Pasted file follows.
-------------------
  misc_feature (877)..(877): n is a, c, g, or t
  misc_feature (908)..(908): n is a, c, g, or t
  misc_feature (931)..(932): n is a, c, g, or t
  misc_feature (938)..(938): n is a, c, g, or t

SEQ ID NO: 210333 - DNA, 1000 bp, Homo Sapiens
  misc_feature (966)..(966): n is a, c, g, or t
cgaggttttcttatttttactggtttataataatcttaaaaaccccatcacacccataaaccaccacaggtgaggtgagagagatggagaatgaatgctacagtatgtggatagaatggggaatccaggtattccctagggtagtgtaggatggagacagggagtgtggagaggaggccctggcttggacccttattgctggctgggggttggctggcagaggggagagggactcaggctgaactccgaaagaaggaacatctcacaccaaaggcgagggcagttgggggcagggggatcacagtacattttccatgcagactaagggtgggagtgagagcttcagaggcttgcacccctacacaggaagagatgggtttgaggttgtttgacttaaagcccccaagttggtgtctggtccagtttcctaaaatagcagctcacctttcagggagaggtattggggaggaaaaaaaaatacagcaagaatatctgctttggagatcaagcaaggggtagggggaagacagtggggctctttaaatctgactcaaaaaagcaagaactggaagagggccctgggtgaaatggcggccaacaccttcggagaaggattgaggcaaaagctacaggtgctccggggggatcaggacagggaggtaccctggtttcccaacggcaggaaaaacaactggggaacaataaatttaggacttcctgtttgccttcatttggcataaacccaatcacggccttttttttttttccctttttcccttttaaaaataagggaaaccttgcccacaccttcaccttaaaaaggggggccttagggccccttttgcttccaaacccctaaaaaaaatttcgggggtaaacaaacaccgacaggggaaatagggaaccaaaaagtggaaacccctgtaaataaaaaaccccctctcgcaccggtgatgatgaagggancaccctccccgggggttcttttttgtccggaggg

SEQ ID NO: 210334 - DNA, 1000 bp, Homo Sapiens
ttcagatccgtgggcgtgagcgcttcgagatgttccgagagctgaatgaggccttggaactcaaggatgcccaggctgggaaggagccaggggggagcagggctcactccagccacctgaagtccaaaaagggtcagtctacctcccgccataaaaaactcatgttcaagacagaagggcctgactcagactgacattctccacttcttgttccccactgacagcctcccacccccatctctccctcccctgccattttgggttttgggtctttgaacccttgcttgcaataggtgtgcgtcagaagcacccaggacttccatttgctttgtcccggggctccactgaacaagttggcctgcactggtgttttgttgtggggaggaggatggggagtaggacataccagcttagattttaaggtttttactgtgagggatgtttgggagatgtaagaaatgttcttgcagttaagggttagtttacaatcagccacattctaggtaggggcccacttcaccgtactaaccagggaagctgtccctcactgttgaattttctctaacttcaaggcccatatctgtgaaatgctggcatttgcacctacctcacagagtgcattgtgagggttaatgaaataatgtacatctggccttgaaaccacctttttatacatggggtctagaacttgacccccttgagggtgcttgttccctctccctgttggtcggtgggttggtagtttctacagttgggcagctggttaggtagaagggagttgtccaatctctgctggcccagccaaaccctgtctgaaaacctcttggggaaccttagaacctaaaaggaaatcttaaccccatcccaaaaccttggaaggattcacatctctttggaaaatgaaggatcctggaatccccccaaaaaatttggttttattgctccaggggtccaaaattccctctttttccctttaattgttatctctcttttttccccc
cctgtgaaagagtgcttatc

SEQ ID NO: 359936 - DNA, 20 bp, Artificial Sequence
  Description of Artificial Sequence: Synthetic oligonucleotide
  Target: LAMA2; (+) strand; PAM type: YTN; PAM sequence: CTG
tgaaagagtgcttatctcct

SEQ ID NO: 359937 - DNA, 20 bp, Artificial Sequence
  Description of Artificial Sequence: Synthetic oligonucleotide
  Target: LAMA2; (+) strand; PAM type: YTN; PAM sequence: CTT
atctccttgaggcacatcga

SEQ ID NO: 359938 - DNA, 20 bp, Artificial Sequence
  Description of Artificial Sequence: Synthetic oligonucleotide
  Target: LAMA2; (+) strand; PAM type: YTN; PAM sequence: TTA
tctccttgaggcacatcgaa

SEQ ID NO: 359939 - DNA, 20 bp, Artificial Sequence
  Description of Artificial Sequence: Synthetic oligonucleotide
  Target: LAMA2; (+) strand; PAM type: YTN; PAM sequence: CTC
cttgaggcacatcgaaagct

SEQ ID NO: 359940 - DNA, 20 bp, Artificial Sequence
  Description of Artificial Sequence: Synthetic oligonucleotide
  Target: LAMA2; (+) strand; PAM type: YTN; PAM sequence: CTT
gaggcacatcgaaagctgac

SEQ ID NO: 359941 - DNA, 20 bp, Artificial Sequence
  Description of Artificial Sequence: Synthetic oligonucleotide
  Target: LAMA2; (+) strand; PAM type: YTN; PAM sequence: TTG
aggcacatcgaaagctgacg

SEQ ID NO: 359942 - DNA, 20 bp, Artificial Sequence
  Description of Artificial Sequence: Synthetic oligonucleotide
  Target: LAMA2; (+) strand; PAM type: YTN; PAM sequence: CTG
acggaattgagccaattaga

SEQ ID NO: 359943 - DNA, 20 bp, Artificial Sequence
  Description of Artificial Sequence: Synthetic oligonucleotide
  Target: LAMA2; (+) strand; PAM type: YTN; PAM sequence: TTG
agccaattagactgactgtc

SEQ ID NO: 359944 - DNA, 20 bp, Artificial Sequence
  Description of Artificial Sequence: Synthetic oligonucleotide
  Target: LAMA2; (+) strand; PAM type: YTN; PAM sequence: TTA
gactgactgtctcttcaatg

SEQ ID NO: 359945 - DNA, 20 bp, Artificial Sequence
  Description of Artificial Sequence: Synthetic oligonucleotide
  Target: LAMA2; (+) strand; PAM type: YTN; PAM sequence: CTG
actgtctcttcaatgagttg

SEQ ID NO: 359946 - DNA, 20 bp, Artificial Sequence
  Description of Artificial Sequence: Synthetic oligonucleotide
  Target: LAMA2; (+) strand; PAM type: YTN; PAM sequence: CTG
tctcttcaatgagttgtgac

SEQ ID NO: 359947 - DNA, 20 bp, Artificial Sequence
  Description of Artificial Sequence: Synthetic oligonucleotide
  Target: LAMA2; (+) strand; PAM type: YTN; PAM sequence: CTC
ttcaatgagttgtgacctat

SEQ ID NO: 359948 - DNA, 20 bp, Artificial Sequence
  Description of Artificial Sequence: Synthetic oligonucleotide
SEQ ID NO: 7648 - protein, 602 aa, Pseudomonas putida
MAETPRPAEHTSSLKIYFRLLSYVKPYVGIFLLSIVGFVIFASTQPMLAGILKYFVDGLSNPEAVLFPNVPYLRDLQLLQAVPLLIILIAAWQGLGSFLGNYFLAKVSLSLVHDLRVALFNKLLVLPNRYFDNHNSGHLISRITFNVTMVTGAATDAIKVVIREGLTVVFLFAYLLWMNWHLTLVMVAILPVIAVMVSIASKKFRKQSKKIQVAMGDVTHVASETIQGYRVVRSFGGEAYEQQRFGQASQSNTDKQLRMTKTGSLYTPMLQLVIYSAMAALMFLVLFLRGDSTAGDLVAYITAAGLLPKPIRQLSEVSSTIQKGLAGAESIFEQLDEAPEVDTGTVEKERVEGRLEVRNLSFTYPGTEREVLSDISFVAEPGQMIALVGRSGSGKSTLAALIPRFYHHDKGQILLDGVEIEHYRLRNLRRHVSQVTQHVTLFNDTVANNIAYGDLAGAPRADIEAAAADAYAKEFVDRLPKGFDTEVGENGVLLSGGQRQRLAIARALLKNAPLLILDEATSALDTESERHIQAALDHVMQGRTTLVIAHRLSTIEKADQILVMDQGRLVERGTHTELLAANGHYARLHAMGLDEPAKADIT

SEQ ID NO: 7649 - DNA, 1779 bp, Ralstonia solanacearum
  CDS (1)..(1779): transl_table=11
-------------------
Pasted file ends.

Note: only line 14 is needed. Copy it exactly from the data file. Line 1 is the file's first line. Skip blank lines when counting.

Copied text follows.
tgaaagagtgcttatctcct